One of the worst ideas in all of criminal law is the mandatory minimum prison sentence for a particular crime. In criminal law, you have the prosecutor who reviews the case and represents the state. His/her job is to prosecute people who are guilty of crimes, present the case on behalf of the state and get a reasonable and appropriate sentence. The defense attorney’s job is to prepare the case on behalf of the defendant- get the case dismissed or reduced or win the case at trial if there is insufficient evidence or legal deficiencies or try and obtain the best sentence for the defendant if the state can prove the defendant committed the crime beyond a reasonable doubt. The judge’s job is to preside over the case, make sure both sides follow the rules and sentence the defendant to an appropriate sentence if the defendant pleads guilty or loses at trial. Those three individuals are the best equipped to assume those roles and recommend or decide what an appropriate sentence is because they know the most about the individual defendants and the specific circumstances of each case.
Mandatory minimum prison sentences are dictated by legislators in the state capital who know absolutely nothing about the details of each defendant and each case and are often pushing legislation with an eye on reelection. As a result, the discretion is taken away from the judge who hears about the case from both sides and is trained to make an informed, unbiased decision, and that discretion is placed squarely into the hands of the state or the uninformed legislature. When that happens you have defendants who face 15 year mandatory minimum prison sentences for illegally obtaining pain pills because they cannot afford them and do not have insurance although they have the same medical problems as people with money, who have health insurance and get the same pain pills through a doctor. When that happens, you have lawful gun owners who believe they used their gun responsibly in a self-defense situation who are forced to plead guilty and become convicted felons in order to get a better sentence and avoid a 3, 10 or 20 year mandatory minimum prison sentence if they risk a trial and the six strangers on the jury decide against them.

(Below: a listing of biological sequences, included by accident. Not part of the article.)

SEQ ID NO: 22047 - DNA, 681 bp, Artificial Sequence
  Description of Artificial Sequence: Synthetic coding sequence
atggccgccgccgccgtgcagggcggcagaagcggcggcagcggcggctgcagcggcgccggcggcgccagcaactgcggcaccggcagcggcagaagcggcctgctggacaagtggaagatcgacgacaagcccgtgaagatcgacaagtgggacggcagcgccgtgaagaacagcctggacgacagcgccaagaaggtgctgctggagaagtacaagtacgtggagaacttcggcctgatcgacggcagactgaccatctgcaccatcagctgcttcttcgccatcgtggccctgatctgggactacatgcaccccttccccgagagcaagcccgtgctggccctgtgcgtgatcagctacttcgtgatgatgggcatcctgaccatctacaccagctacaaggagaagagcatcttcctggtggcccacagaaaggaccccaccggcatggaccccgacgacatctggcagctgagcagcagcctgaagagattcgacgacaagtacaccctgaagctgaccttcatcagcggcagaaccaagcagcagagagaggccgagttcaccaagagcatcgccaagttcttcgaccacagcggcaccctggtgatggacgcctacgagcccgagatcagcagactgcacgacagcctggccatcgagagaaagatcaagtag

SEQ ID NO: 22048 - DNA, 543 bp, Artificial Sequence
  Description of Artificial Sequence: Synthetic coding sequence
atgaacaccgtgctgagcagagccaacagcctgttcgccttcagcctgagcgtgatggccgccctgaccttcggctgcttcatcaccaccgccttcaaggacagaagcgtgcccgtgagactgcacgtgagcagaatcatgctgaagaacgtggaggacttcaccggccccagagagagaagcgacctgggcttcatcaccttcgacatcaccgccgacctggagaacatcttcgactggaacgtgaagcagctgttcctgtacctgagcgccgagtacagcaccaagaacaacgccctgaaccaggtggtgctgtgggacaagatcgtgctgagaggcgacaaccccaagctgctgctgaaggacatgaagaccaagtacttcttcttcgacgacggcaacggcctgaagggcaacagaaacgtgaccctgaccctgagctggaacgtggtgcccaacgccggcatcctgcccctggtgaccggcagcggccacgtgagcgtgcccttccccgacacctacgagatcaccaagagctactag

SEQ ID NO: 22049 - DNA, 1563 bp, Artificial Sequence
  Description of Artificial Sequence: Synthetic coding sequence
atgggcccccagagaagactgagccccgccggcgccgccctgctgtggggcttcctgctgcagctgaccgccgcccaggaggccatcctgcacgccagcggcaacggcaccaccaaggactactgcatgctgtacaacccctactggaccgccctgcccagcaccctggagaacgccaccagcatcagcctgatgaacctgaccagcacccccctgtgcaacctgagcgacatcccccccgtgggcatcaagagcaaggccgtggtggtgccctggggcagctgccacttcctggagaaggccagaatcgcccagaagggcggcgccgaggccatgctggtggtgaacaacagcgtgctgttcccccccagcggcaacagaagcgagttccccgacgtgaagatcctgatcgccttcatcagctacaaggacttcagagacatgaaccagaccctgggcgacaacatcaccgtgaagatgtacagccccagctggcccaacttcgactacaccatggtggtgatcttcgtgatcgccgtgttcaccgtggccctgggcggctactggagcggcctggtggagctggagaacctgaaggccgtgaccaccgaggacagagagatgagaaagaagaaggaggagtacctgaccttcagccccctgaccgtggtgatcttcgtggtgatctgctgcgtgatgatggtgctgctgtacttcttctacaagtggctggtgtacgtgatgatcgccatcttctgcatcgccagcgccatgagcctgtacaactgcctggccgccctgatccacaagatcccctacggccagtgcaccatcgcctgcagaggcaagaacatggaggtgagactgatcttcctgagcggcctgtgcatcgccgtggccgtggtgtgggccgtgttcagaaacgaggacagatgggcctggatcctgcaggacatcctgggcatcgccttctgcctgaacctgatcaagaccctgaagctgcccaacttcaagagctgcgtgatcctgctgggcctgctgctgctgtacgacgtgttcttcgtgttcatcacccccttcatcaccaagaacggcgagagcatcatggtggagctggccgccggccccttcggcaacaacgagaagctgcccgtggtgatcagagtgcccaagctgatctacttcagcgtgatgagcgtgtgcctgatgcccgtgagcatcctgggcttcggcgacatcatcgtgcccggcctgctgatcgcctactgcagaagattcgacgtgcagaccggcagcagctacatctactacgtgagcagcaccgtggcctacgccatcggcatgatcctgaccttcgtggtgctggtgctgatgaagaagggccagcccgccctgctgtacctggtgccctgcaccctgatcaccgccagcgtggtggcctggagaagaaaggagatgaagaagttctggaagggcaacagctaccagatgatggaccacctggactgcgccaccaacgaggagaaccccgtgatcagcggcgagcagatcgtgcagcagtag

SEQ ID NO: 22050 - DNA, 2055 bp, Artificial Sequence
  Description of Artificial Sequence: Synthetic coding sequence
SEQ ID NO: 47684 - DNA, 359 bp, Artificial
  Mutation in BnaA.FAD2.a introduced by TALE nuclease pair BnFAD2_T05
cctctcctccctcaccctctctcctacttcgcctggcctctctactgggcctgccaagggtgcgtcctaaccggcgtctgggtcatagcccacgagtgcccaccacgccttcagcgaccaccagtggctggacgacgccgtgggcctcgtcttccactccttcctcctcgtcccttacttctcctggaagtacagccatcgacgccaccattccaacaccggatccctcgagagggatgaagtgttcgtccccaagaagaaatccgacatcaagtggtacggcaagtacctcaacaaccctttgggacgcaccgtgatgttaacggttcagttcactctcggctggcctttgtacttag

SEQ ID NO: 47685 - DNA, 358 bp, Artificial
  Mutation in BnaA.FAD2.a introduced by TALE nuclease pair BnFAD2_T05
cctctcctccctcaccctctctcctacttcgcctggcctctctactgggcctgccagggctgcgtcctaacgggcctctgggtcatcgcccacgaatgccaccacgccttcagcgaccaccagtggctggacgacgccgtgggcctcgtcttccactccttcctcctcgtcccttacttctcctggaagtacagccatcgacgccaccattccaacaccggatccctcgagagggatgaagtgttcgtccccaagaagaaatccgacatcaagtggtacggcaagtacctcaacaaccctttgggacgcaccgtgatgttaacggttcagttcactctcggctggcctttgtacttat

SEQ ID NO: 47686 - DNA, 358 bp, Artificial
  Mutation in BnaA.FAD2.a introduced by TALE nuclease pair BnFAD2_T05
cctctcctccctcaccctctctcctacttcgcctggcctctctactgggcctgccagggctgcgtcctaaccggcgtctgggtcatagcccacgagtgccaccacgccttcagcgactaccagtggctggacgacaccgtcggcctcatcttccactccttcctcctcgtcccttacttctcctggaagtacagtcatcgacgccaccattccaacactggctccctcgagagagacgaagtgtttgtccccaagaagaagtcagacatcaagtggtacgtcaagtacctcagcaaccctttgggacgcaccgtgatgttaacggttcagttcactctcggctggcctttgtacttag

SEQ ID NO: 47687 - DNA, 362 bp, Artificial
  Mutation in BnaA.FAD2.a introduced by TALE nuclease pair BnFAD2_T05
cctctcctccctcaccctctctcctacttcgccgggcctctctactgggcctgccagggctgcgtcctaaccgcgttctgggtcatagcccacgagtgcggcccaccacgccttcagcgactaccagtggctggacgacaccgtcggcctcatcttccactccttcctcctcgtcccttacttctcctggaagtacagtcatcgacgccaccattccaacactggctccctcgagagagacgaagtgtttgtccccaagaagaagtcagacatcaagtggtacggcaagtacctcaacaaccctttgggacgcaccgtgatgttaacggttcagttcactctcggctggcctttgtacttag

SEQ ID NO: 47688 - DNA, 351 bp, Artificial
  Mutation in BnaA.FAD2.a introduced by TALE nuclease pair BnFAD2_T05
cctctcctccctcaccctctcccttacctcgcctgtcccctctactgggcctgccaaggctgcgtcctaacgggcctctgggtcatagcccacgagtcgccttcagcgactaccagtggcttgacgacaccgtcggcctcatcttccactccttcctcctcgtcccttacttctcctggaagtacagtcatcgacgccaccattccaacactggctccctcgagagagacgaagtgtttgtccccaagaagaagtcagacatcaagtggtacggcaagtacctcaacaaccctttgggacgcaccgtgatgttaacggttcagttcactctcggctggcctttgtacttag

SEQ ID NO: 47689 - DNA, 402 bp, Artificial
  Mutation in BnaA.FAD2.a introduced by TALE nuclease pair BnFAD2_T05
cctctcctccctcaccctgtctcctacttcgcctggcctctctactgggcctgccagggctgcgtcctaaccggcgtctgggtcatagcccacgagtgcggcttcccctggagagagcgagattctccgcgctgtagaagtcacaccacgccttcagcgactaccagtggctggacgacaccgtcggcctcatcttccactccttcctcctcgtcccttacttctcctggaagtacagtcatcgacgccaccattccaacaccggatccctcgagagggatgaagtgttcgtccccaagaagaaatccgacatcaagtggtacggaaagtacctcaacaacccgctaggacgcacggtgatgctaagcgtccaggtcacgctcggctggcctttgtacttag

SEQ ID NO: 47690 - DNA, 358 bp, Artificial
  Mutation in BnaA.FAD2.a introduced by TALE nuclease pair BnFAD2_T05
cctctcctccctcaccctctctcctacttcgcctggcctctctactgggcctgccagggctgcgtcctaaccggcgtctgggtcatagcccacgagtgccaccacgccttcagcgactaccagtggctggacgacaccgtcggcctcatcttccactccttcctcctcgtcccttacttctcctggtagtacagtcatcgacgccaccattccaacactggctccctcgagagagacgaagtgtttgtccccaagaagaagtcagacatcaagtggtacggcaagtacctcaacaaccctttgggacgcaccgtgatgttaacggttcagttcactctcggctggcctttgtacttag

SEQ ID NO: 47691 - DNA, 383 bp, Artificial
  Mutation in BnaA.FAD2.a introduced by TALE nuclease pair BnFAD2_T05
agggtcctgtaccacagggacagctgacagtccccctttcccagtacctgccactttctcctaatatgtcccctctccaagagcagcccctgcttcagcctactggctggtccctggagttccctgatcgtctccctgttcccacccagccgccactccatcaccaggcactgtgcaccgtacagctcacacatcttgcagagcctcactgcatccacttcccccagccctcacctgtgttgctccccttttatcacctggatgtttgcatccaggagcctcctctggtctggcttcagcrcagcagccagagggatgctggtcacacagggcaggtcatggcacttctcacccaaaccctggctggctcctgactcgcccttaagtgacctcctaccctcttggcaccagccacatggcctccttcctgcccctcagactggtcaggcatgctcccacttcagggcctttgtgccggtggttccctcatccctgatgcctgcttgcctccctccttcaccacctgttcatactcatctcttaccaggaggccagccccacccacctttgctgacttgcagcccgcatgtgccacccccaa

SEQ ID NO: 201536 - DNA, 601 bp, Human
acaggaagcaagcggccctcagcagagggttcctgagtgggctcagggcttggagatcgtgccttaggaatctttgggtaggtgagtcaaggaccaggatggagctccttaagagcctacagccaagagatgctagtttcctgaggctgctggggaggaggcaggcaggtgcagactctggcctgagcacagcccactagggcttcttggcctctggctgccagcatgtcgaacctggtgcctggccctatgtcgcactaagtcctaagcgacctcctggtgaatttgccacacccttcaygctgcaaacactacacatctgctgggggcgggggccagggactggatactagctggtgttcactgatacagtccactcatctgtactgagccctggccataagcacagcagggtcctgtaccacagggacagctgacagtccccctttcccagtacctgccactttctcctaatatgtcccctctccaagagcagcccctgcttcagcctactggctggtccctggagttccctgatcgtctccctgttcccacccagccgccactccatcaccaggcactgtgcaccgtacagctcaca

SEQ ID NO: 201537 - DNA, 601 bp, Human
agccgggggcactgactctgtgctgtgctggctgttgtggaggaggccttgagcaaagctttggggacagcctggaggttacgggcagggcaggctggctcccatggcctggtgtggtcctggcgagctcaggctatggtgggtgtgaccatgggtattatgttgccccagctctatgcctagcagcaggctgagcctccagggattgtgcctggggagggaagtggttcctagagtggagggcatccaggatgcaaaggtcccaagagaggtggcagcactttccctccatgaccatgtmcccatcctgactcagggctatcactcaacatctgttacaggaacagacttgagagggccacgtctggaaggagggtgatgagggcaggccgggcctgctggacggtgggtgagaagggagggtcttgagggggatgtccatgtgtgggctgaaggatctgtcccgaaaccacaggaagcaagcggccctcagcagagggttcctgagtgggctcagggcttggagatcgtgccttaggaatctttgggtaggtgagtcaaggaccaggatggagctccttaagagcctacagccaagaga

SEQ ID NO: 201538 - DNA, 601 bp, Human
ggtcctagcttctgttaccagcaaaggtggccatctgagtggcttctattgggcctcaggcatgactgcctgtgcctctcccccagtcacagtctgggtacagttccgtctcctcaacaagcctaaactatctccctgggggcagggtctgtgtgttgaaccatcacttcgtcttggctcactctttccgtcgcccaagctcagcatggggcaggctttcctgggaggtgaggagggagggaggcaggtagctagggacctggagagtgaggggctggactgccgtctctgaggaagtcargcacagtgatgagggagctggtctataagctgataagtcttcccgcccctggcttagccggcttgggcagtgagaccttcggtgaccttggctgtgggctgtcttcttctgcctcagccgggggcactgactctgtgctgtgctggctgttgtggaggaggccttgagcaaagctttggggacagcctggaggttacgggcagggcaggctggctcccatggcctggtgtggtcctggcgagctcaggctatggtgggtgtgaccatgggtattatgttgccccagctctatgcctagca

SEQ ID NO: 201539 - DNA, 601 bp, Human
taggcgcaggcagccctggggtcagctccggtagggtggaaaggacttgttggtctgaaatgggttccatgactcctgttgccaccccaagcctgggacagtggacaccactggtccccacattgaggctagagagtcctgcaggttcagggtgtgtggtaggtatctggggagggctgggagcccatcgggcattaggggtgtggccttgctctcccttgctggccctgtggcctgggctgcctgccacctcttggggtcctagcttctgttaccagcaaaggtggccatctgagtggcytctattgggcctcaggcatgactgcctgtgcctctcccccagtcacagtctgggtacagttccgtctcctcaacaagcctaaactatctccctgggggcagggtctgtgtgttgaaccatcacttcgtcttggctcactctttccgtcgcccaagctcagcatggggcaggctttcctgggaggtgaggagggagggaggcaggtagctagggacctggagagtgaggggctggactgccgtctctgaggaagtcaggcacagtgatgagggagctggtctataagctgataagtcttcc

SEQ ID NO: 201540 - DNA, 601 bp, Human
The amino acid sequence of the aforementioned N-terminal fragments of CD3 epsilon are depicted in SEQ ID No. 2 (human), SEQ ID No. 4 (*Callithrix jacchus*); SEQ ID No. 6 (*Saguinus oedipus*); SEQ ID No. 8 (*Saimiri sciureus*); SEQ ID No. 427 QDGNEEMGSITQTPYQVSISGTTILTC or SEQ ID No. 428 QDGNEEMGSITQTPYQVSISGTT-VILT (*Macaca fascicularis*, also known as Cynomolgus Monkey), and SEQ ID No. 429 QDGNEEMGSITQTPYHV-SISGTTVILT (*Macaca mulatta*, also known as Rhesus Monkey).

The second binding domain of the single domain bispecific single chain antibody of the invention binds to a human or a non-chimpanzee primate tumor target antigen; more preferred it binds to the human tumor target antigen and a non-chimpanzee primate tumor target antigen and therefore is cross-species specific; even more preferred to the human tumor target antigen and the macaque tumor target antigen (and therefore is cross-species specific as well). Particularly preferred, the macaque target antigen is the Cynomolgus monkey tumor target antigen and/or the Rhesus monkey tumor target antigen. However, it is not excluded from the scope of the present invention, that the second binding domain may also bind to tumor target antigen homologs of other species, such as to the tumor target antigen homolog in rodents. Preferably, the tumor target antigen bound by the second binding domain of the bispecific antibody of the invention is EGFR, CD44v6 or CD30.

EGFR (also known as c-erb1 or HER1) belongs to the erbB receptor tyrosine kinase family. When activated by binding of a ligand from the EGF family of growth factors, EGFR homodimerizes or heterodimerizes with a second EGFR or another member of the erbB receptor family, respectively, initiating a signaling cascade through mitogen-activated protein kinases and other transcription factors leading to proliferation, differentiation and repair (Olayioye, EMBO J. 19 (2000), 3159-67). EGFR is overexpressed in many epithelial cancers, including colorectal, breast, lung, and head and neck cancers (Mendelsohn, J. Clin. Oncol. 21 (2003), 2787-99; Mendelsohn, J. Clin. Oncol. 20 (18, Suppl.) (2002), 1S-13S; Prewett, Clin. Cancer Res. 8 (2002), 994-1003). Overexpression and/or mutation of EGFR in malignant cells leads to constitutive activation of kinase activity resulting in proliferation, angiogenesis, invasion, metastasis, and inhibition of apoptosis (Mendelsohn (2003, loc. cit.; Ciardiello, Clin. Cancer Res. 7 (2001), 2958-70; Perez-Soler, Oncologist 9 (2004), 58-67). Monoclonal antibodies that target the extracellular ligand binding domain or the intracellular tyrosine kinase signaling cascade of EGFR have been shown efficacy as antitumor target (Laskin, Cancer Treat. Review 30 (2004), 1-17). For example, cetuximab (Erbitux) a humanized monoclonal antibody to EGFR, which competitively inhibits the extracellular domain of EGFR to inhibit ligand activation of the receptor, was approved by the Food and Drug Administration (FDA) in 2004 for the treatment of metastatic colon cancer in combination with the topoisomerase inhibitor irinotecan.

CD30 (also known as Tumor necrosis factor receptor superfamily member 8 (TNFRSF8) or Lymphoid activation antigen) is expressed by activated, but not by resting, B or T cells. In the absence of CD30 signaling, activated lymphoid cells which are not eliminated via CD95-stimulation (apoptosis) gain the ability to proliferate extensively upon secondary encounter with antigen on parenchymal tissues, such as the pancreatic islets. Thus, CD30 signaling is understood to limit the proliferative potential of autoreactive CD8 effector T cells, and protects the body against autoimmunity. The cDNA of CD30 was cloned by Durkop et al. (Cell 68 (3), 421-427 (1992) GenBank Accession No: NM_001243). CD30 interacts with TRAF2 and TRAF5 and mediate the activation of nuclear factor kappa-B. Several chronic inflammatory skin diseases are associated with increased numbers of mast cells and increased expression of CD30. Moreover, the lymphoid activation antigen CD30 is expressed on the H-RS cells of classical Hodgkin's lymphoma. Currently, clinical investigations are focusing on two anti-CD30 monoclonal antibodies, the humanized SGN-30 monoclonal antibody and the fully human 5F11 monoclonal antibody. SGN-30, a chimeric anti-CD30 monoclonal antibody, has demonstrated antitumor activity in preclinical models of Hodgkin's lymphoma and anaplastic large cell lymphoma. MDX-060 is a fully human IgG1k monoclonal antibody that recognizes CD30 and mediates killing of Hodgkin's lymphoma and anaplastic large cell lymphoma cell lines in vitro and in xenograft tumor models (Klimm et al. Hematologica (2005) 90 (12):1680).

Mandatory minimum prison sentences are a perfect example of typical government overreaching with the result being bigger government, more taxpayer money wasted on the criminal justice system and completely illogical results dictated by government officials who have no idea what is going on in specific cases.
There may be some hope to put a dent in the size of big government and slow down the tremendous waste of taxpayer money on the war on drugs and prisons and many other related areas. Senator Pat Leahy, the head of the Senate Judiciary Committee, recently called for an end to mandatory minimum prison sentences at the state and federal levels. It probably will not happen any time soon as government is not real quick to reduce the size and reach of government, but at least someone is acknowledging how wasteful and ill-advised mandatory minimum prison sentences are.